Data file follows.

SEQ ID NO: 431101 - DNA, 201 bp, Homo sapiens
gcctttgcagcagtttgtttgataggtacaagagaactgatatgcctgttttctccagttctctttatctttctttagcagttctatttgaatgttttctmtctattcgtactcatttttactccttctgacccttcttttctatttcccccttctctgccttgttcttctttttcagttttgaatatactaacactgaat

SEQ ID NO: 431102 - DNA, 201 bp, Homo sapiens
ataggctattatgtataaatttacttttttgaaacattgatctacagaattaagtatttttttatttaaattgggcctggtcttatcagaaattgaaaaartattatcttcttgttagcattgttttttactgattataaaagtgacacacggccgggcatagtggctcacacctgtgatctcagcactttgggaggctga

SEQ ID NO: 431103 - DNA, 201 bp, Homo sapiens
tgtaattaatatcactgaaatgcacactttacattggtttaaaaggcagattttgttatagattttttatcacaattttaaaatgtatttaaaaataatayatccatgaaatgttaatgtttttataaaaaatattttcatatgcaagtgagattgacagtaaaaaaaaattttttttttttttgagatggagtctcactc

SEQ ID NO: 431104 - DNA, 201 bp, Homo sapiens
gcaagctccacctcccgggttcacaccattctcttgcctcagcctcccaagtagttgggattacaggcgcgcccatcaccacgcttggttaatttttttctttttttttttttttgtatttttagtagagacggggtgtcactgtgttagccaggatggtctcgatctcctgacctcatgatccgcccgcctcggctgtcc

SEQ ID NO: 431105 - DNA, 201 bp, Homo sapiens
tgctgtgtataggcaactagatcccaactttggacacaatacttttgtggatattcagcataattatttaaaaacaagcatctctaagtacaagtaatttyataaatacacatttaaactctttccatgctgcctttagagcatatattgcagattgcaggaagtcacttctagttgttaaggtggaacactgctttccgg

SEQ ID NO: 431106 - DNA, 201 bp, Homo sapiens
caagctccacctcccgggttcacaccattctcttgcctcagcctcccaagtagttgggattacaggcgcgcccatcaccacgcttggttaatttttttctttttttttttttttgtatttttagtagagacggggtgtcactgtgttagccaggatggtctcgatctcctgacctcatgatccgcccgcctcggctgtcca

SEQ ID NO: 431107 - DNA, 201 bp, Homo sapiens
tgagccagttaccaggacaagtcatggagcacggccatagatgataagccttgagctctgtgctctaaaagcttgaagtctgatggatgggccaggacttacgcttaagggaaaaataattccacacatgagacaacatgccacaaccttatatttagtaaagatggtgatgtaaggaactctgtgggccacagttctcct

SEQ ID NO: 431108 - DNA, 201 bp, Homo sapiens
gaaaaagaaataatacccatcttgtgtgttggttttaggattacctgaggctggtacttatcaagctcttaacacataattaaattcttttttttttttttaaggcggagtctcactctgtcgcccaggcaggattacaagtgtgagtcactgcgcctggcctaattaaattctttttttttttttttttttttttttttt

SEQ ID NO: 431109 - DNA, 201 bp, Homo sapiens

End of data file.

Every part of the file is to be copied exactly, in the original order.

SEQ ID NO: 431101 - DNA, 201 bp, Homo sapiens
gcctttgcagcagtttgtttgataggtacaagagaactgatatgcctgttttctccagttctctttatctttctttagcagttctatttgaatgttttctmtctattcgtactcatttttactccttctgacccttcttttctatttcccccttctctgccttgttcttctttttcagttttgaatatactaacactgaat

SEQ ID NO: 431102 - DNA, 201 bp, Homo sapiens
ataggctattatgtataaatttacttttttgaaacattgatctacagaattaagtatttttttatttaaattgggcctggtcttatcagaaattgaaaaartattatcttcttgttagcattgttttttactgattataaaagtgacacacggccgggcatagtggctcacacctgtgatctcagcactttgggaggctga

SEQ ID NO: 431103 - DNA, 201 bp, Homo sapiens
tgtaattaatatcactgaaatgcacactttacattggtttaaaaggcagattttgttatagattttttatcacaattttaaaatgtatttaaaaataatayatccatgaaatgttaatgtttttataaaaaatattttcatatgcaagtgagattgacagtaaaaaaaaattttttttttttttgagatggagtctcactc

SEQ ID NO: 431104 - DNA, 201 bp, Homo sapiens
gcaagctccacctcccgggttcacaccattctcttgcctcagcctcccaagtagttgggattacaggcgcgcccatcaccacgcttggttaatttttttctttttttttttttttgtatttttagtagagacggggtgtcactgtgttagccaggatggtctcgatctcctgacctcatgatccgcccgcctcggctgtcc

SEQ ID NO: 431105 - DNA, 201 bp, Homo sapiens
tgctgtgtataggcaactagatcccaactttggacacaatacttttgtggatattcagcataattatttaaaaacaagcatctctaagtacaagtaatttyataaatacacatttaaactctttccatgctgcctttagagcatatattgcagattgcaggaagtcacttctagttgttaaggtggaacactgctttccgg

SEQ ID NO: 431106 - DNA, 201 bp, Homo sapiens
caagctccacctcccgggttcacaccattctcttgcctcagcctcccaagtagttgggattacaggcgcgcccatcaccacgcttggttaatttttttctttttttttttttttgtatttttagtagagacggggtgtcactgtgttagccaggatggtctcgatctcctgacctcatgatccgcccgcctcggctgtcca

SEQ ID NO: 431107 - DNA, 201 bp, Homo sapiens
tgagccagttaccaggacaagtcatggagcacggccatagatgataagccttgagctctgtgctctaaaagcttgaagtctgatggatgggccaggacttacgcttaagggaaaaataattccacacatgagacaacatgccacaaccttatatttagtaaagatggtgatgtaaggaactctgtgggccacagttctcct

SEQ ID NO: 431108 - DNA, 201 bp, Homo sapiens
gaaaaagaaataatacccatcttgtgtgttggttttaggattacctgaggctggtacttatcaagctcttaacacataattaaattcttttttttttttttaaggcggagtctcactctgtcgcccaggcaggattacaagtgtgagtcactgcgcctggcctaattaaattctttttttttttttttttttttttttttt

SEQ ID NO: 431109 - DNA, 201 bp, Homo sapiens